Artwork by Nicholas, 7 years old
‘Handpainted chooks outside the chook-house’


Selecting a Funeral Director

A funeral is a time to honour your child and celebrate all the wonderful things about them. It is a time to share their story, your memories and sorrow and an opportunity to say goodbye with family and friends.

A funeral director needs to be contacted to make funeral arrangements. You may wish to speak with a number of funeral directors before deciding on the one you feel most comfortable with. You are able to meet with them at your home, at their office or at a location where you feel comfortable.

There is no need for funeral arrangements to be rushed. It is important to take your time and make decisions when you are ready. Your social worker or support team can support you through this process.

Below is a list of questions that may be helpful when you are choosing a funeral director.

  • If I want to see my child, can we have as many viewings as our family needs? Do we need to make appointments?
  • Can we have our child’s body at home?
  • If I want to, can I be involved in washing, dressing and caring for my child’s body prior to their body being placed in the coffin?
  • What do you charge and which services are optional? Funeral costs vary considerably. It is important to know what services you will receive and how much each part will cost. You might want to contact a number of funeral directors to obtain written itemised quotes. Ask if they have a payment plan.
  • What is embalming? Is it necessary? What’s involved? How much does it cost? Why would I need to think about that?
  • Do you routinely use makeup? Some parents have been unhappy that makeup has been used on their child without their permission.
  • What styles of coffins are available? Can I choose a special colour or decorate the coffin?
  • What about flowers, balloons, or doves? Are we able to organise these if we want?
  • I have some cultural and religious beliefs I would like taken into consideration—is the funeral director able to respect my needs?
  • What’s involved with either burial or cremation?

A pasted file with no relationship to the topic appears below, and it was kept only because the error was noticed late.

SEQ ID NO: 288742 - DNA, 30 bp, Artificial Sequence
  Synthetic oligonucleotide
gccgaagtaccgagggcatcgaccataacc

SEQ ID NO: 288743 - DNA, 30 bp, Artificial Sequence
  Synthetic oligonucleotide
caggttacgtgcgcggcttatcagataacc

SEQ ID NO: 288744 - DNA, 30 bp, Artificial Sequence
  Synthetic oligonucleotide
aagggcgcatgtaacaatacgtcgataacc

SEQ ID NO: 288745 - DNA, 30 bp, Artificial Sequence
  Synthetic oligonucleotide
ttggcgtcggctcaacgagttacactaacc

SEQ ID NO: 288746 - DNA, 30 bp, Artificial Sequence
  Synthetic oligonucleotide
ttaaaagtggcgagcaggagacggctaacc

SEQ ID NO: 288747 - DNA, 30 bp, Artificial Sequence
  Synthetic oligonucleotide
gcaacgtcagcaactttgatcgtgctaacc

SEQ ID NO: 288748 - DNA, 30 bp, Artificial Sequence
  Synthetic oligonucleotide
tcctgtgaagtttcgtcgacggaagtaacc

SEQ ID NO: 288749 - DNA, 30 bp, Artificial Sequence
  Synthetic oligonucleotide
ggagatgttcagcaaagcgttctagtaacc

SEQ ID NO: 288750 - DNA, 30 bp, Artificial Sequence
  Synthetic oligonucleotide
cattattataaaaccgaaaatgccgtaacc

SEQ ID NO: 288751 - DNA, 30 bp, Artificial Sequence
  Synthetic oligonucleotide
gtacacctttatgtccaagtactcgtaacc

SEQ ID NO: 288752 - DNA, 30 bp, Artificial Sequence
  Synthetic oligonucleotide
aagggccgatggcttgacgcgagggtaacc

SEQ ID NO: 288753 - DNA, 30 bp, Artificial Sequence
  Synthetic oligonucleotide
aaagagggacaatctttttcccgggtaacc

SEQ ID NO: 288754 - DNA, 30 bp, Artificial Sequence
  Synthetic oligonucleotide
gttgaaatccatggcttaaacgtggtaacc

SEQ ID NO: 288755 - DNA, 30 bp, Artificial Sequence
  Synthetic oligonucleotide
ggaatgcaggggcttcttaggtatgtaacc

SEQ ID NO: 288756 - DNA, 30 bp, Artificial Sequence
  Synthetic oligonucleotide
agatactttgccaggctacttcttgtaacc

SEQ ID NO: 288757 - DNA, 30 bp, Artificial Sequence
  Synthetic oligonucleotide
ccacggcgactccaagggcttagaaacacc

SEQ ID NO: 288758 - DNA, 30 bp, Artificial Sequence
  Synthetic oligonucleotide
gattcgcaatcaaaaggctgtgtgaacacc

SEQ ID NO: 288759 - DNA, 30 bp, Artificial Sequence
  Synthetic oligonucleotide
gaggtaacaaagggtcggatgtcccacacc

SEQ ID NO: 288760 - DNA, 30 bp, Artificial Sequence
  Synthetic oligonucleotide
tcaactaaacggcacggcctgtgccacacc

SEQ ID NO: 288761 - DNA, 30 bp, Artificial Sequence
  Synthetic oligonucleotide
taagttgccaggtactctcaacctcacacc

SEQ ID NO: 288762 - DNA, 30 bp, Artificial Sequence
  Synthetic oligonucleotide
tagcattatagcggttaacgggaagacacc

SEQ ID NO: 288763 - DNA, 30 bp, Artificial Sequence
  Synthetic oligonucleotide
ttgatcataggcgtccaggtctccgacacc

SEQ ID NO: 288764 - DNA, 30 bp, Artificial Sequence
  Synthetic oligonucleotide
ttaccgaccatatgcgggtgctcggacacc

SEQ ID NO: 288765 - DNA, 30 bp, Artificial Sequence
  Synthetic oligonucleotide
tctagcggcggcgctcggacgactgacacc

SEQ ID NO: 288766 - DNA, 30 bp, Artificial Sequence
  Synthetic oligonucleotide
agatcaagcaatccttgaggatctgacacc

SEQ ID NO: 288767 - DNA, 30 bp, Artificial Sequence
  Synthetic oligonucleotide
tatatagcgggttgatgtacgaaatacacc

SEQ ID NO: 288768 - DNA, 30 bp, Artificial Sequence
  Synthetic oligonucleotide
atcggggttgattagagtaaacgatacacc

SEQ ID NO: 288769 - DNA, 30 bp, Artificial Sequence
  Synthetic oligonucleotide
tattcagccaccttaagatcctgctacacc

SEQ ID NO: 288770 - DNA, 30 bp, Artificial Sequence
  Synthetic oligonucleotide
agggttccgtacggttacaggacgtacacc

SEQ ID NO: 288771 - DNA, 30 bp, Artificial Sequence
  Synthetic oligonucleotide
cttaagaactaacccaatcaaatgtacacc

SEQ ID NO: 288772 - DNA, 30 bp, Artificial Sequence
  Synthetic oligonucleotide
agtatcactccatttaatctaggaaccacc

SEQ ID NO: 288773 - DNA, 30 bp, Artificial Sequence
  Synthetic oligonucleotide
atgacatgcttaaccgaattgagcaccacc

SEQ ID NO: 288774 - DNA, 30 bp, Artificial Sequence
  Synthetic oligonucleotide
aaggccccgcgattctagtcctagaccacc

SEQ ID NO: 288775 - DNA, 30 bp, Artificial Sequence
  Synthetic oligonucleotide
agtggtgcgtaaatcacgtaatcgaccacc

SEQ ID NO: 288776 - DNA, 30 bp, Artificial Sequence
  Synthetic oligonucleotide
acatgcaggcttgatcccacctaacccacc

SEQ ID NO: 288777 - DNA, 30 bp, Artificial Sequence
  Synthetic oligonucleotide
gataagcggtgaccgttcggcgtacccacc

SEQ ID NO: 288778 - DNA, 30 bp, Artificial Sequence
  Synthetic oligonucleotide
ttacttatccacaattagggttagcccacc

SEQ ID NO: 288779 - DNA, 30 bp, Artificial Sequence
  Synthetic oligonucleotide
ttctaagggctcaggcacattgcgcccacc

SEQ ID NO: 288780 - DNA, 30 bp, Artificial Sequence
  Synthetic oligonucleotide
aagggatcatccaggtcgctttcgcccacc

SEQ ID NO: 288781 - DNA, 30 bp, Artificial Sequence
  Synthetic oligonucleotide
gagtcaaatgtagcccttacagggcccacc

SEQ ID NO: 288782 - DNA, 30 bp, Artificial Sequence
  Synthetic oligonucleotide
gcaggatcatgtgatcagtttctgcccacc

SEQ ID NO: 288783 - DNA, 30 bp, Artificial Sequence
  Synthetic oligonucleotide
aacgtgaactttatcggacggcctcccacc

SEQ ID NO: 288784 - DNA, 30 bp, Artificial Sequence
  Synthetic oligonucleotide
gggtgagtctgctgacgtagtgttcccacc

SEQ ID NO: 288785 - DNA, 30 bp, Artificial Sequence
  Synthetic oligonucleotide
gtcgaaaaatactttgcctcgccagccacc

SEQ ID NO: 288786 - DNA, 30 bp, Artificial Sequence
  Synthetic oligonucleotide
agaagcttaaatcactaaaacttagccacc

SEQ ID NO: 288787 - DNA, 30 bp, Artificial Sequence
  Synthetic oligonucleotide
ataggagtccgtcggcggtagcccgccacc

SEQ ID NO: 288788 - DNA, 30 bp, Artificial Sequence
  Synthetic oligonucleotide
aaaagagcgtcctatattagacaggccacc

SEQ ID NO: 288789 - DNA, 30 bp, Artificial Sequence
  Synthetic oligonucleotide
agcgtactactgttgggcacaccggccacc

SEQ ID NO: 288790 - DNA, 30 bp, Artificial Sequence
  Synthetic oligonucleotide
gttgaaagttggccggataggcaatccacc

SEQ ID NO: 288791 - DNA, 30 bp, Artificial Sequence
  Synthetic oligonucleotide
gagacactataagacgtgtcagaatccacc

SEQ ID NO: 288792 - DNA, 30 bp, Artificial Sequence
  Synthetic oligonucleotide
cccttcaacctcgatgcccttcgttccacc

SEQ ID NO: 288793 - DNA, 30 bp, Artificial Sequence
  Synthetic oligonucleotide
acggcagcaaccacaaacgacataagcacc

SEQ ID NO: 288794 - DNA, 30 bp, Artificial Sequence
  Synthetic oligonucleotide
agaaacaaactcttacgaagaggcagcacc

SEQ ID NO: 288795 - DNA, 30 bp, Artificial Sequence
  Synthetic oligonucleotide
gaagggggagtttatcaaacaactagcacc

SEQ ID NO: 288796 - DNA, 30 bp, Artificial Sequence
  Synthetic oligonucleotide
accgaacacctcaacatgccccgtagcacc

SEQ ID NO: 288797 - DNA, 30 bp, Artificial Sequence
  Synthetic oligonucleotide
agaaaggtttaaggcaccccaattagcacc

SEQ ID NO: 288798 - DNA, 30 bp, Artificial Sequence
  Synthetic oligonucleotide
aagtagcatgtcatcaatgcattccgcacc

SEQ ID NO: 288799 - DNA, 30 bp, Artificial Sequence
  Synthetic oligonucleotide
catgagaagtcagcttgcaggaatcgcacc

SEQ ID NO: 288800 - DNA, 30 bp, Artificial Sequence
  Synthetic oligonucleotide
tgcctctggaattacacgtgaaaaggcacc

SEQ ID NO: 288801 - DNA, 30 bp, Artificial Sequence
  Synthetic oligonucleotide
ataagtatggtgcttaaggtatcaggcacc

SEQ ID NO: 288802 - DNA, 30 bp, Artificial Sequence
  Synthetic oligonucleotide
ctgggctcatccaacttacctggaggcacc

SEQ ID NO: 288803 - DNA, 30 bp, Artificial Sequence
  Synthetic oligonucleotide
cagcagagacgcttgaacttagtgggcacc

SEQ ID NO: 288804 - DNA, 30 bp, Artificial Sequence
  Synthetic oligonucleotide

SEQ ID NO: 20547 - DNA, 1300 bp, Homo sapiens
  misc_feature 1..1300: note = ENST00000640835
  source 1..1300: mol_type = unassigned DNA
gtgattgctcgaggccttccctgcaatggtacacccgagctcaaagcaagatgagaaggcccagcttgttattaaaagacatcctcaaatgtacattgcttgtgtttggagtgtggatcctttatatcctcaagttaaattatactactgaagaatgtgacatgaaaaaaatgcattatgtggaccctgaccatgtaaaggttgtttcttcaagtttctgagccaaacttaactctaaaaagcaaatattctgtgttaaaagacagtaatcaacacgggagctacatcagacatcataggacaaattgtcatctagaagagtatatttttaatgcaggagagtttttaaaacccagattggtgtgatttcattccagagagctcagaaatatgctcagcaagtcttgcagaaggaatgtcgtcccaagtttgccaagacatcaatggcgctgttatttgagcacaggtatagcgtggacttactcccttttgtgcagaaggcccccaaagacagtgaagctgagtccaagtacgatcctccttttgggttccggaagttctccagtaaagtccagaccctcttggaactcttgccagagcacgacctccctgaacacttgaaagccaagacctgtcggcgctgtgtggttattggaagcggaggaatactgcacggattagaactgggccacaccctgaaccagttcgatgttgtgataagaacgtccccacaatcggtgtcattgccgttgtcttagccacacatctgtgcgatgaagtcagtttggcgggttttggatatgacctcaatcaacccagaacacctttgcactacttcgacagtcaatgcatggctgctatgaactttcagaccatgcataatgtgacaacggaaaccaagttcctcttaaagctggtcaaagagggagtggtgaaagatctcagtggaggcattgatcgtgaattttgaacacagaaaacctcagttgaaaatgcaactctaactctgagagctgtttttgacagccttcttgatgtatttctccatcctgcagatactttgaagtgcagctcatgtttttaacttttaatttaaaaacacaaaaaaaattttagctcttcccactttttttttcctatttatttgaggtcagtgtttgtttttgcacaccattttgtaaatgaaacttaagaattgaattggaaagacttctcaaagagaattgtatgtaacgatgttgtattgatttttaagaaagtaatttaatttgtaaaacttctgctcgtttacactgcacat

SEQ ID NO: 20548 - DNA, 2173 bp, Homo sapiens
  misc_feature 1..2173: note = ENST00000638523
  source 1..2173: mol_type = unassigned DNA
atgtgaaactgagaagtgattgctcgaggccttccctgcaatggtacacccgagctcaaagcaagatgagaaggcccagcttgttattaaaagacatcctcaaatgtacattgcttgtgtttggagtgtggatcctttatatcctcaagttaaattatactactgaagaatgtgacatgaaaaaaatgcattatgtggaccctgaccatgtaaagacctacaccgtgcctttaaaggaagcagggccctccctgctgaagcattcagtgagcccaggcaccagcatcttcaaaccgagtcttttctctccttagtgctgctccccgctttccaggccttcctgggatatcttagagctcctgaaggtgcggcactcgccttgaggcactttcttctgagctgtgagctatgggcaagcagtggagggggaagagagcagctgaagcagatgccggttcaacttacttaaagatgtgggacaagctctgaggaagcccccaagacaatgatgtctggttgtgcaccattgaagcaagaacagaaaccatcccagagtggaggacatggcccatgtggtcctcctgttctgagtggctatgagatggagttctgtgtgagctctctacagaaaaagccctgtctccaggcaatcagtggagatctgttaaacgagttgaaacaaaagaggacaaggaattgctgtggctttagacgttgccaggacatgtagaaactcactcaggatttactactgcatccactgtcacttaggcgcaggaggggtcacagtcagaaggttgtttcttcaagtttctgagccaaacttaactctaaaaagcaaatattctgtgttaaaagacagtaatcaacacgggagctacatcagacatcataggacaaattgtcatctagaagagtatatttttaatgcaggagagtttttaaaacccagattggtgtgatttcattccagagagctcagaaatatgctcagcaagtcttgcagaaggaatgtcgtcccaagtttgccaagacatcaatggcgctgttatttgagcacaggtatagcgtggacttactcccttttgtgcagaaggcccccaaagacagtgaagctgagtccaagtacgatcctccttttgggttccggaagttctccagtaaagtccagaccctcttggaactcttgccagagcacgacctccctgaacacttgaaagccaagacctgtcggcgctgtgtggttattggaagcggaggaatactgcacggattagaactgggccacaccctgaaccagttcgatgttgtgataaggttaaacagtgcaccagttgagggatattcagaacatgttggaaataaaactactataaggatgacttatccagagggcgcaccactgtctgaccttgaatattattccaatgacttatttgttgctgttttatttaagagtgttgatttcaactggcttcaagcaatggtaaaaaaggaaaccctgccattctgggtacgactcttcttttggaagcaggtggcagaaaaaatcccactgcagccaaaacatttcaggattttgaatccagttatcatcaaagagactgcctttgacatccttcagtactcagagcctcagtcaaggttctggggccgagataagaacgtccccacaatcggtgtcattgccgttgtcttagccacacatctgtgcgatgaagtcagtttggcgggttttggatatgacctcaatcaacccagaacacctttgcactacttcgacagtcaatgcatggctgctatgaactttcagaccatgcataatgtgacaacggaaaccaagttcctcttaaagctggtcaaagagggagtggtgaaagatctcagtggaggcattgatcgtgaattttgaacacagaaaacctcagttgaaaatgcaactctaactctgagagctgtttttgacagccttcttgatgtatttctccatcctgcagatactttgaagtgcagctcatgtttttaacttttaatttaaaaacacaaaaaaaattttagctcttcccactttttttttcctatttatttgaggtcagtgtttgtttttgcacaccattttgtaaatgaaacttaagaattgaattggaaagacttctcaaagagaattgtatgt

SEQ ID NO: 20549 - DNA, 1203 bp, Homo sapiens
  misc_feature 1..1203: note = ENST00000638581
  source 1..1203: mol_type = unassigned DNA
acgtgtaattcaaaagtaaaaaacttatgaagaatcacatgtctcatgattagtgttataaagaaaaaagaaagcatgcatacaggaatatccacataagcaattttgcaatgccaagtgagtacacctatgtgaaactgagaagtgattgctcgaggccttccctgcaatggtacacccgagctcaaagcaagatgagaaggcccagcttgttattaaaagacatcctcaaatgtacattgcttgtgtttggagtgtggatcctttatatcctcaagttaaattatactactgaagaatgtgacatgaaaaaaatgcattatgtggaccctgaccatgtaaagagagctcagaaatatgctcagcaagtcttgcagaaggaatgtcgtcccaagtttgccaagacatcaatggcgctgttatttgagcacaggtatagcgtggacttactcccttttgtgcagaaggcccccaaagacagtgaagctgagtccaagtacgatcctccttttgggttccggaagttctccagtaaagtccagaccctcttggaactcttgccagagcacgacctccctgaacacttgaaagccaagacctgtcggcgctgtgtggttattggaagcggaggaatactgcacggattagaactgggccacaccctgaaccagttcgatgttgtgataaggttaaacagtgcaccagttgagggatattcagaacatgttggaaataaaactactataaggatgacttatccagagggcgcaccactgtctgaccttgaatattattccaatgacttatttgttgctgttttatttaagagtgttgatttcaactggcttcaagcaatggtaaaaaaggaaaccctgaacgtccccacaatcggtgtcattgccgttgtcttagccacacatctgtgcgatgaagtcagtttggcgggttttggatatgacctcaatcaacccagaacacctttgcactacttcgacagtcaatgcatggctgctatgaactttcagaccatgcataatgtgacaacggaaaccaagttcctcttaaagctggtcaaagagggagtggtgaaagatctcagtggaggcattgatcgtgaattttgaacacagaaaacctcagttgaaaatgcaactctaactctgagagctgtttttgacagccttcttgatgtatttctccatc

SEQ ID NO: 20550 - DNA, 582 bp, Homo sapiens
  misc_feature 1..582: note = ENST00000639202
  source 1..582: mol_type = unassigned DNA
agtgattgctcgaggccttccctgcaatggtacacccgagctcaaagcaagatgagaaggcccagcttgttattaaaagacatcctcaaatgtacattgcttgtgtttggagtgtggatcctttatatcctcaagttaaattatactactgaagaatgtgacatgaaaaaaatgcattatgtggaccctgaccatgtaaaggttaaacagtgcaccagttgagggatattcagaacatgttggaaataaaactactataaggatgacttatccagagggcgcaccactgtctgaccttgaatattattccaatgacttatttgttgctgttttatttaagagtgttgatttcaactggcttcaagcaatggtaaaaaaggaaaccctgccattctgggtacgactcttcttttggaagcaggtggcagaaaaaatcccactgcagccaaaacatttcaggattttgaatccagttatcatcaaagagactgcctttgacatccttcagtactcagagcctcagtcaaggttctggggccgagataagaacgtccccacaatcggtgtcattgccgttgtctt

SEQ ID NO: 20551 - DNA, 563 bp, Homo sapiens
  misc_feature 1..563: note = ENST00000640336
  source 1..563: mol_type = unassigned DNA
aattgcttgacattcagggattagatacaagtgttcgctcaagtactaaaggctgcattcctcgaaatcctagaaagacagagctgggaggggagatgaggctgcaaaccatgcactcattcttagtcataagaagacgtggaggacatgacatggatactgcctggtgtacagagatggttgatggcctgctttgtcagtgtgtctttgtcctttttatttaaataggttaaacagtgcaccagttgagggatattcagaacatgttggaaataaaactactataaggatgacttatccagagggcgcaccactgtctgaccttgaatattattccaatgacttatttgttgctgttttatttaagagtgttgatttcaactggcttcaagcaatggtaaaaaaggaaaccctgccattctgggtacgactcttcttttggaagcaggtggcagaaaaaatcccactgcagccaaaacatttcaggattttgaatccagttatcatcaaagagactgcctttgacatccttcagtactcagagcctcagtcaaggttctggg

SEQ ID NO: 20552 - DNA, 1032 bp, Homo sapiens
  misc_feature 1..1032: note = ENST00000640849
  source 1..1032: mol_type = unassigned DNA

• How soon can I have my child’s ashes at home with me?
  • Should we involve our other children? How might we involve them?

For more information see Red Nose Grief and Loss:

Adapted from: Drew, D. 2005, Paediatric palliative care: Caring for your child at home, Sydney Children’s Hospital, Randwick.

Useful resources for End of Life

Helping your Partner

Everyone has their own way of coping. This is influenced by your life experiences, your support network and your child’s illness. Some people will find comfort in sharing their feelings, hopes, wishes and concerns. Others […]


Looking after yourself while caring for your child

Everyone has their own way of coping. This is influenced by your life experiences, support network and your child’s illness. You do not have to manage everything on your own. Spending time with others, participating […]


What to expect in the final days

Many parents want to know what to expect as their child approaches their final days, however this information can be confronting to read or talk about. Others may not want to know or are too […]


What to do if your child dies at home

This factsheet explains what to do after your child dies if you have been caring for them at home. It is important to be prepared for what needs to happen and to have support of […]


Siblings and Grief

“People who love each other are always connected by a very special string, made of love. Even though you can’t see it with your eyes, you can feel it deep in your heart, and know […]


Decision Making

Parents and their care team share the difficult task of making decisions and planning care for the child. These choices are different for every child and may need to be revised if your child’s condition […]


Care Team Contact List


Carer Symptom Management Plan


Supporting someone who is caring for a seriously ill child

When a family member or friend is caring for a seriously ill child, you may not know what to say or do. It can help if you reach out to the family as your desire […]


Sibling Support

Parents often express concerns about how to talk to their children about the diagnosis of a life-limiting illness. While there are a number of things to think about when deciding how to discuss the diagnosis, […]